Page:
Tuesday, December 6, 2016

Battle of Leuthen Begins

Prussian Advance Guard commander Hans Joachim von Zeiten issues orders before the battle starts. Minden Miniatures from the collection of Der Alte Fritz. Click on all pix to enlarge.

Zieten is given his game dice.

I was able to power through eight turns in total, yesterday through today, and ended up with the Prussians pressing their advantage and pushing the Austrians back towards Leuthen.

Prussian Army at Leuthen
The Prussian army was organized into two cavalry brigades and three infantry brigades:

Zieten's right wing cavalry - 7 squadrons (2 x Hussars, 2 x Dragoons, 3 x Cuirassiers)

Prinz Moritz's brigade of the right wing - 4 x Battalions Musketeers, 2 x 12-pound cannon and 2 x 3-pound regimental guns.

Ferdinand of Brunswick's centre brigade - 4 battalions (2 x Grenadiers, 2 x Guard and 2 x 3-pound regimental guns.

Forcade's Refused left wing - 4 battalions (2 x musketeers 2 x fusiliers), 3 x 12-pound Brummers, and 2 squadrons of Black Hussars.

Driessen's leftt wing cavalry - 8 squadrons (2 x Dragoons, 4 x Cuirassiers, and 2 x Hussars)

The Prussian attack was led by Zieten's cavalry brigade near Sagschutz, followed by Prinz Moritz's brigade of infantry. Next, en echelon, were the brigades of Ferdinand and then Forcade. Driessen's cavalry covered the Prussian left flank and was concealed behind the Sophienberg.

Prussian deployment showing Zieten's cavalry and three infantry brigades, en echelon. 

Driessen's left wing cavalry hidden behind the Sophienberg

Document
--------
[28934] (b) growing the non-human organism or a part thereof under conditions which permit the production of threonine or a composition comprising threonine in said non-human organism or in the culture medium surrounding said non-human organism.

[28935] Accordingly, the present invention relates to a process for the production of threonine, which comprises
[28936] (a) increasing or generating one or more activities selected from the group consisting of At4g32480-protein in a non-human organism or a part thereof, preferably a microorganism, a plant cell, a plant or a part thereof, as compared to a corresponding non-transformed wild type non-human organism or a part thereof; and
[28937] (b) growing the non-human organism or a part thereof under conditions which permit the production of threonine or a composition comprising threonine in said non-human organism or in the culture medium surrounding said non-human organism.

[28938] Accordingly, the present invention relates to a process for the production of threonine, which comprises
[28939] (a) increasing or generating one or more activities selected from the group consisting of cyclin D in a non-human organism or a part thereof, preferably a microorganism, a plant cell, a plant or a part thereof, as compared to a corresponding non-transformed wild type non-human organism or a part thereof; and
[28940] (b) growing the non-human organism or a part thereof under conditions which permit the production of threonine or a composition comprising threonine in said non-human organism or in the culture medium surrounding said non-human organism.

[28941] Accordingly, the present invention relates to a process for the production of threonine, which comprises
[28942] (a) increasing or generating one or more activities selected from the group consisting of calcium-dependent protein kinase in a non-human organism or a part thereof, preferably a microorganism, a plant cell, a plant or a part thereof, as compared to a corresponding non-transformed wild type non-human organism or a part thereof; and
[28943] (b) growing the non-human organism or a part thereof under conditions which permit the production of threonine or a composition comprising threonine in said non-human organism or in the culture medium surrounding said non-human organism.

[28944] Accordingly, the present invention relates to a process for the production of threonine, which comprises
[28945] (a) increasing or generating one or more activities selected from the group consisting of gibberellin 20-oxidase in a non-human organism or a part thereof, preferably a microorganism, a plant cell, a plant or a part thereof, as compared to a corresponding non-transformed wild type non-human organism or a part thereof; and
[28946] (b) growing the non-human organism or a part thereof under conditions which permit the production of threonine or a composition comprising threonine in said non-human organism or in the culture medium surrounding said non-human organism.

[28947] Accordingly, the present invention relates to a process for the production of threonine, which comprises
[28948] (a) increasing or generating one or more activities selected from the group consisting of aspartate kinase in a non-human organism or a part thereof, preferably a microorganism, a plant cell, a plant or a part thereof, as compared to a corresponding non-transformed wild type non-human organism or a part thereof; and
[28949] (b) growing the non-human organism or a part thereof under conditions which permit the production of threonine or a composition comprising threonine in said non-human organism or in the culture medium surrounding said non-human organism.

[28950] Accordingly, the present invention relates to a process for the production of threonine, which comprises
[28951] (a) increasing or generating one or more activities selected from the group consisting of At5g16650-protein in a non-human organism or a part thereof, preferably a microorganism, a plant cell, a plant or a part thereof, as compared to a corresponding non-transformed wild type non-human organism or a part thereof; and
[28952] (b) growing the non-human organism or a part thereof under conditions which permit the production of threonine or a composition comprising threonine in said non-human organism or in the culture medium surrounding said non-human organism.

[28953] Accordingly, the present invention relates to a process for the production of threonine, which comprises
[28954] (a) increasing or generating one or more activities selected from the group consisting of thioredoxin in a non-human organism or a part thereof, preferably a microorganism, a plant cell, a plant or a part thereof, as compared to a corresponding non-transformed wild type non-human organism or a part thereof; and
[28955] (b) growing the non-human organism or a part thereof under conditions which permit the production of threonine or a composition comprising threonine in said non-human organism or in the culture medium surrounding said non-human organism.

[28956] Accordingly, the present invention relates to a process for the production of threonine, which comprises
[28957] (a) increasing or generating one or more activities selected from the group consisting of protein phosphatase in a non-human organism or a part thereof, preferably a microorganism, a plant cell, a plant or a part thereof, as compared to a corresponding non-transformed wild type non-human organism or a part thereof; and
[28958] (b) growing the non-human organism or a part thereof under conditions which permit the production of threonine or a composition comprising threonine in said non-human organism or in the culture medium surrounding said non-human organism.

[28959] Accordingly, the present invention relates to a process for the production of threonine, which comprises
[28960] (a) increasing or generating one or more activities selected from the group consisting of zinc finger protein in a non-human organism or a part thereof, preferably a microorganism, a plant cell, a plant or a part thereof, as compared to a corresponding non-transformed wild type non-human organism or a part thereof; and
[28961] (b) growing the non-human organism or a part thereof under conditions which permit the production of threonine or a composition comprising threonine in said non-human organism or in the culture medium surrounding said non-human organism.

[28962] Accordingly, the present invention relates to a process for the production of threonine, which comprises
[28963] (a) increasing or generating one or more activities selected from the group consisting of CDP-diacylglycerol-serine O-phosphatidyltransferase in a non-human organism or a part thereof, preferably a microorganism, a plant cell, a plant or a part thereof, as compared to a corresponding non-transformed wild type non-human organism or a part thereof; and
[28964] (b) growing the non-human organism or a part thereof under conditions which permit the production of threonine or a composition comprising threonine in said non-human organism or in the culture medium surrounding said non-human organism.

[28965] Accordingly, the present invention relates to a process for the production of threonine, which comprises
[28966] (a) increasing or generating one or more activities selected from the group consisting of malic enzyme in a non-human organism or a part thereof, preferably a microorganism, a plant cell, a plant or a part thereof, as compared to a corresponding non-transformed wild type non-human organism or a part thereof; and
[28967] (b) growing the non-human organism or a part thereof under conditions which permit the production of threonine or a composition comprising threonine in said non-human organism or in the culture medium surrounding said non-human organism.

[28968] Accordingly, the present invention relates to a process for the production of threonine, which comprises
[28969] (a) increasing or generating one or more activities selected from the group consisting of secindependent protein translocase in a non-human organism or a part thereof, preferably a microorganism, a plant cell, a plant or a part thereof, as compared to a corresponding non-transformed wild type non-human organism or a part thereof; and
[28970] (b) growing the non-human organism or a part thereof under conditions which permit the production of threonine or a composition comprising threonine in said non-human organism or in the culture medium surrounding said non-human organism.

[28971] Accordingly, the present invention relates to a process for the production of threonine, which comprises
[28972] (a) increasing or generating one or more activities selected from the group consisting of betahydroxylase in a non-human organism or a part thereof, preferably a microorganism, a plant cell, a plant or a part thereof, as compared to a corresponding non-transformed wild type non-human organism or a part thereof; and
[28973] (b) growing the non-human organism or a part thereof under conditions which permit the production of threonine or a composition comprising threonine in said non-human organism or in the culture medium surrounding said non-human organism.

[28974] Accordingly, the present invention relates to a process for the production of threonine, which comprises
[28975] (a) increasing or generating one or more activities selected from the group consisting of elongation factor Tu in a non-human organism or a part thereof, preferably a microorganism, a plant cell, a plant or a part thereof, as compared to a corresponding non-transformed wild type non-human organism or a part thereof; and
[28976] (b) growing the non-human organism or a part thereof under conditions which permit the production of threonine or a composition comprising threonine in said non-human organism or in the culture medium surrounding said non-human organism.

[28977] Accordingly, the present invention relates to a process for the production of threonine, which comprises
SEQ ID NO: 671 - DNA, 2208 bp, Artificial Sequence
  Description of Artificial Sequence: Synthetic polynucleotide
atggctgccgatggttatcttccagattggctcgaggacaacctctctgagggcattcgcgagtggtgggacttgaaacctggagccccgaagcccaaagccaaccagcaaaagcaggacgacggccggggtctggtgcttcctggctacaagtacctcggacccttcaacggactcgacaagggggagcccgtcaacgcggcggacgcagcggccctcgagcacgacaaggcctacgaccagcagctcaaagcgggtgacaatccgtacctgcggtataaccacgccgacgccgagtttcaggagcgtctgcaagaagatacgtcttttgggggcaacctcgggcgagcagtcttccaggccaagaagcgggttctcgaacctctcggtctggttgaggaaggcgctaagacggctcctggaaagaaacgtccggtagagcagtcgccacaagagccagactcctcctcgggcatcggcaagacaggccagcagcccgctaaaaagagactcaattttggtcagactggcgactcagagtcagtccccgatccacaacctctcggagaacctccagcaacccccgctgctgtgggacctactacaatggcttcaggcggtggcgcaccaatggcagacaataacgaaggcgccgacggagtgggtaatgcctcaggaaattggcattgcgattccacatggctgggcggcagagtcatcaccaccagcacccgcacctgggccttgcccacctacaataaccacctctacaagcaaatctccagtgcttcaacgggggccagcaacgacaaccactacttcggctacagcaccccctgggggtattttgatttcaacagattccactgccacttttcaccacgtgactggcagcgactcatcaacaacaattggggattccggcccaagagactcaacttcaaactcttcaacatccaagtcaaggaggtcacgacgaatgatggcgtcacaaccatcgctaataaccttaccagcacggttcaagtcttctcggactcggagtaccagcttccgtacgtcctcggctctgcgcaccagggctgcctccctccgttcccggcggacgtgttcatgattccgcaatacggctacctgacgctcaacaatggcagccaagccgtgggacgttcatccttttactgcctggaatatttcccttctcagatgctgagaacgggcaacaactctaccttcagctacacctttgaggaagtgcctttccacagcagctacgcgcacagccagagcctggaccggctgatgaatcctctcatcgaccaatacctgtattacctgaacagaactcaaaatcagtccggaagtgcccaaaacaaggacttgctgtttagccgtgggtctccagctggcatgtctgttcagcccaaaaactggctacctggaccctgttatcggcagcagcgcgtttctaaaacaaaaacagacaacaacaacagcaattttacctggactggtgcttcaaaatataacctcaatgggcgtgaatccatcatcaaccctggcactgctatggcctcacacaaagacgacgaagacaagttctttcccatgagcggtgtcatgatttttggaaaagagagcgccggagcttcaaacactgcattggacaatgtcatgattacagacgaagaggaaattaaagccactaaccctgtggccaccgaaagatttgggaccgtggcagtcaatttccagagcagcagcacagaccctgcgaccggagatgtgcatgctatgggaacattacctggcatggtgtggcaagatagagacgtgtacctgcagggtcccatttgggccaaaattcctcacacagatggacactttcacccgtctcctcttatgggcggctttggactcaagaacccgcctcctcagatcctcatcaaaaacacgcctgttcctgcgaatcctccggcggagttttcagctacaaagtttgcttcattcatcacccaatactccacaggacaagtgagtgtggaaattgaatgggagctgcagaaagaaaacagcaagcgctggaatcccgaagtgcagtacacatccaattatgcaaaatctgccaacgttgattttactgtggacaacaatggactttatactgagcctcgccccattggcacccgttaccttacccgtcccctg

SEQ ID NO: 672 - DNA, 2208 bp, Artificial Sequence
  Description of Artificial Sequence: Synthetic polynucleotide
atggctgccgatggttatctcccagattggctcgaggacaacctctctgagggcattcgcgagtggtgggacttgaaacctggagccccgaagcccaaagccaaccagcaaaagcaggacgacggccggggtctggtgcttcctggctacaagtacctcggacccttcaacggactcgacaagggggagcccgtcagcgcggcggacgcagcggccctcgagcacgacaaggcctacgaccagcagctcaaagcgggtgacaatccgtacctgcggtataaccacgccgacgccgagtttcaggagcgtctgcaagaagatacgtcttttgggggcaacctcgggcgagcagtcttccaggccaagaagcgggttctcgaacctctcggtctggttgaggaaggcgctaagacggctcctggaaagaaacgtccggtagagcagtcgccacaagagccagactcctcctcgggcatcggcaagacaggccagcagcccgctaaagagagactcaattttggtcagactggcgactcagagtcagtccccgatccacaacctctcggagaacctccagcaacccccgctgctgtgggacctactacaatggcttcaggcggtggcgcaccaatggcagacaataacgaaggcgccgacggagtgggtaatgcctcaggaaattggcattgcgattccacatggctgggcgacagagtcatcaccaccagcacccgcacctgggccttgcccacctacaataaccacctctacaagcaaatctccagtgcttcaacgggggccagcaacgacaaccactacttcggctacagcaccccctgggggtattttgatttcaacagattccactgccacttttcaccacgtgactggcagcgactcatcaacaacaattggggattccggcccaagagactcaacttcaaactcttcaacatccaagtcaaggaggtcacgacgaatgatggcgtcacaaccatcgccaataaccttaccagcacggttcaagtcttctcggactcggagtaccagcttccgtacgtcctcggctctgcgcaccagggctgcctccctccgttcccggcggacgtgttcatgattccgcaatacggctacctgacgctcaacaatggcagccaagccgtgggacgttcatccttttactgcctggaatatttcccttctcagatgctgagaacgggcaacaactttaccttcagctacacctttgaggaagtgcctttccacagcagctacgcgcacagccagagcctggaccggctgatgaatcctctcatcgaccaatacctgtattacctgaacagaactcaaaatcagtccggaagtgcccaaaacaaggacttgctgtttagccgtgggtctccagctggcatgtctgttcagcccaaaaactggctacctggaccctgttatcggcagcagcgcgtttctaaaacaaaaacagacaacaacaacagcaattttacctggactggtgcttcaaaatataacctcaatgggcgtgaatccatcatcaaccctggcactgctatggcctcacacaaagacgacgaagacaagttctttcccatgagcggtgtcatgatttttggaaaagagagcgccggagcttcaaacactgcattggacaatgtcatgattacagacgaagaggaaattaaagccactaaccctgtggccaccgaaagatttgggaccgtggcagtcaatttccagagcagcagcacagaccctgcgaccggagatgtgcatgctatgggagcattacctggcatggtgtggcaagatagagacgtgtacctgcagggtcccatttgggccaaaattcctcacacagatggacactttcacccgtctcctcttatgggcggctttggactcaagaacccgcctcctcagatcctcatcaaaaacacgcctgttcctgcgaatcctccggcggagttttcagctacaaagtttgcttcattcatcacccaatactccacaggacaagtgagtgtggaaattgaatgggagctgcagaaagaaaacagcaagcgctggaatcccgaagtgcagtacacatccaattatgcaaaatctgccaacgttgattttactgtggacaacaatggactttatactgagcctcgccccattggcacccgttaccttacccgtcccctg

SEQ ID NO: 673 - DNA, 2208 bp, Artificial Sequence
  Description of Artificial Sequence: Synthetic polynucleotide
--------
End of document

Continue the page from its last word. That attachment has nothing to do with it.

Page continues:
Austrian Army at Leuthen

The Austrian army was organized into 5 brigades of infantry and 2 brigades of cavalry:

Nadasty's Left Wing Cavalry  -  8 squadrons (4 x Dragoons, 2 x Saxon Cheveaulegers, 2 x Cuirassiers) - deployed behind and to the left of Sagschutz.

Wurttemberg Brigade - 3 battalions plus 1 battalion of Croats and 1 x 6-pounder - deployed in and around Sagschutz on the far left wing of the Austrian army.

Colloredo's Brigade (centre) - 4 battalions of infantry and 2 x 3-pounders; deployed perpendicular to Sagschutz facing east.

Forgach's Brigade (centre) - 4 battalions of Hungarian infantry, 2 x 6-pounders and 2 x 3-pounders; deployed to the right of Colloredo's brigade, also facing east.

Leuthen Churchyard Garrison - 2 battalions of Rot Wurzberg infantry deployed inside the churchyard. No artillery.

Ahrenberg's Reserve Brigade - 4 battalions including 2 x musketeers and 2 x grenadiers plus 2 x 12-pounders. Deployed off table behind Leuthen

Lucchesi's Right Wing Cavalry 8 squadrons (6 x Cuirassiers and 2 x Dragoons) - deployed off table. behind Leuthen.

Overview of the battlefield on the centre table. To the left is the village of Sagschutz. Off in the distance are Lobetinz (left) and Radaxdorf (right). Austrian infantry brigades in the centre are facing east towards the expected direction of the Prussian army. Nadasty's cavalry brigade is deployed at the bottom right corner in the picture. The Leuthen churchyard is to the right, off picture.

Nadasty's cavalry of the left wing.

The battle begins at Sagschutz


Wurtemberg battalions defend Sagschutz

Prinz Moritz attacks Sogschutz, leading with the Itzenplitz Regiment (IR13).
Prussian dragoons draw first blood, over running the Croats.

The Prussian dragoons (left)  have at with with Austrian cuirassiers (right).

The remaining Croats get run down by the Zieten Hussars in the wooded area around Sagschutz.